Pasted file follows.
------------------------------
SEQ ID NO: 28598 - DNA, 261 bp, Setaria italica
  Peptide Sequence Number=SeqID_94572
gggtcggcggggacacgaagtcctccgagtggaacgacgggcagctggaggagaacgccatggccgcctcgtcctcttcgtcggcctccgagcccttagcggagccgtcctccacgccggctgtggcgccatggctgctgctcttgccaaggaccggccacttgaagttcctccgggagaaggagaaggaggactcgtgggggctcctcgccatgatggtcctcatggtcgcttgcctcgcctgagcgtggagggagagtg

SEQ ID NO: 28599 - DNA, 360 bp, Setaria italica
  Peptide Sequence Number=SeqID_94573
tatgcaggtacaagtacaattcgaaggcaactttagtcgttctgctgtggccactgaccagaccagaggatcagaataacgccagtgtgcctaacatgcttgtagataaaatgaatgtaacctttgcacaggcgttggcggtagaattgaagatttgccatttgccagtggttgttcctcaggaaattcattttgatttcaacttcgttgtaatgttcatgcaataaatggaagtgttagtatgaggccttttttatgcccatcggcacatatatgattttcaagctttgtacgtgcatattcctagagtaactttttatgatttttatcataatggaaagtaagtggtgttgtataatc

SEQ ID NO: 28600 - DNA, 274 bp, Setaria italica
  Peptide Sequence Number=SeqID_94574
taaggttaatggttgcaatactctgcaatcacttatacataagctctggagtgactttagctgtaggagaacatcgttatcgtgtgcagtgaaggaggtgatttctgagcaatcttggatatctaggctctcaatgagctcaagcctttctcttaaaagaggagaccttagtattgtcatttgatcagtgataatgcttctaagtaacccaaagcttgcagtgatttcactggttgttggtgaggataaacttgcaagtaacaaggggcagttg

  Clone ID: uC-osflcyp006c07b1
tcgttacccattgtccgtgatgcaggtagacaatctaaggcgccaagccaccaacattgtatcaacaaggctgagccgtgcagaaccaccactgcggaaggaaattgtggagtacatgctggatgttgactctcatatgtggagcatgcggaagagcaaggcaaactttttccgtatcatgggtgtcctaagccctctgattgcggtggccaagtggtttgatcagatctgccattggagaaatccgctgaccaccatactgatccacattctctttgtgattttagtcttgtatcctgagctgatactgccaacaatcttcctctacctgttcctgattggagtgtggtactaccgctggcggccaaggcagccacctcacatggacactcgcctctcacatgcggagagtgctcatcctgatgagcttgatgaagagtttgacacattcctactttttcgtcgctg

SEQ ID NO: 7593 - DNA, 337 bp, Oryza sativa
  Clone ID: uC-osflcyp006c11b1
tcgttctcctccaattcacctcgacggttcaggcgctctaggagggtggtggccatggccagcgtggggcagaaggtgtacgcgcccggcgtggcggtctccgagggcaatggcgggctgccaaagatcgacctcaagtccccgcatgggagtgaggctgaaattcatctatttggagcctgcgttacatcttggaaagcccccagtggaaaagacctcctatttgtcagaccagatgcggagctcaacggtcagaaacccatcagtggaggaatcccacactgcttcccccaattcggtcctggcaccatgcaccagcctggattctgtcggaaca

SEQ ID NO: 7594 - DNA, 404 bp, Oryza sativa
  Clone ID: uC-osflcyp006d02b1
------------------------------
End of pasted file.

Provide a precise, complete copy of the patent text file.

SEQ ID NO: 28598 - DNA, 261 bp, Setaria italica
  Peptide Sequence Number=SeqID_94572
gggtcggcggggacacgaagtcctccgagtggaacgacgggcagctggaggagaacgccatggccgcctcgtcctcttcgtcggcctccgagcccttagcggagccgtcctccacgccggctgtggcgccatggctgctgctcttgccaaggaccggccacttgaagttcctccgggagaaggagaaggaggactcgtgggggctcctcgccatgatggtcctcatggtcgcttgcctcgcctgagcgtggagggagagtg

SEQ ID NO: 28599 - DNA, 360 bp, Setaria italica
  Peptide Sequence Number=SeqID_94573
tatgcaggtacaagtacaattcgaaggcaactttagtcgttctgctgtggccactgaccagaccagaggatcagaataacgccagtgtgcctaacatgcttgtagataaaatgaatgtaacctttgcacaggcgttggcggtagaattgaagatttgccatttgccagtggttgttcctcaggaaattcattttgatttcaacttcgttgtaatgttcatgcaataaatggaagtgttagtatgaggccttttttatgcccatcggcacatatatgattttcaagctttgtacgtgcatattcctagagtaactttttatgatttttatcataatggaaagtaagtggtgttgtataatc

SEQ ID NO: 28600 - DNA, 274 bp, Setaria italica
  Peptide Sequence Number=SeqID_94574
taaggttaatggttgcaatactctgcaatcacttatacataagctctggagtgactttagctgtaggagaacatcgttatcgtgtgcagtgaaggaggtgatttctgagcaatcttggatatctaggctctcaatgagctcaagcctttctcttaaaagaggagaccttagtattgtcatttgatcagtgataatgcttctaagtaacccaaagcttgcagtgatttcactggttgttggtgaggataaacttgcaagtaacaaggggcagttg

  Clone ID: uC-osflcyp006c07b1
tcgttacccattgtccgtgatgcaggtagacaatctaaggcgccaagccaccaacattgtatcaacaaggctgagccgtgcagaaccaccactgcggaaggaaattgtggagtacatgctggatgttgactctcatatgtggagcatgcggaagagcaaggcaaactttttccgtatcatgggtgtcctaagccctctgattgcggtggccaagtggtttgatcagatctgccattggagaaatccgctgaccaccatactgatccacattctctttgtgattttagtcttgtatcctgagctgatactgccaacaatcttcctctacctgttcctgattggagtgtggtactaccgctggcggccaaggcagccacctcacatggacactcgcctctcacatgcggagagtgctcatcctgatgagcttgatgaagagtttgacacattcctactttttcgtcgctg

SEQ ID NO: 7593 - DNA, 337 bp, Oryza sativa
  Clone ID: uC-osflcyp006c11b1
tcgttctcctccaattcacctcgacggttcaggcgctctaggagggtggtggccatggccagcgtggggcagaaggtgtacgcgcccggcgtggcggtctccgagggcaatggcgggctgccaaagatcgacctcaagtccccgcatgggagtgaggctgaaattcatctatttggagcctgcgttacatcttggaaagcccccagtggaaaagacctcctatttgtcagaccagatgcggagctcaacggtcagaaacccatcagtggaggaatcccacactgcttcccccaattcggtcctggcaccatgcaccagcctggattctgtcggaaca

SEQ ID NO: 7594 - DNA, 404 bp, Oryza sativa
  Clone ID: uC-osflcyp006d02b1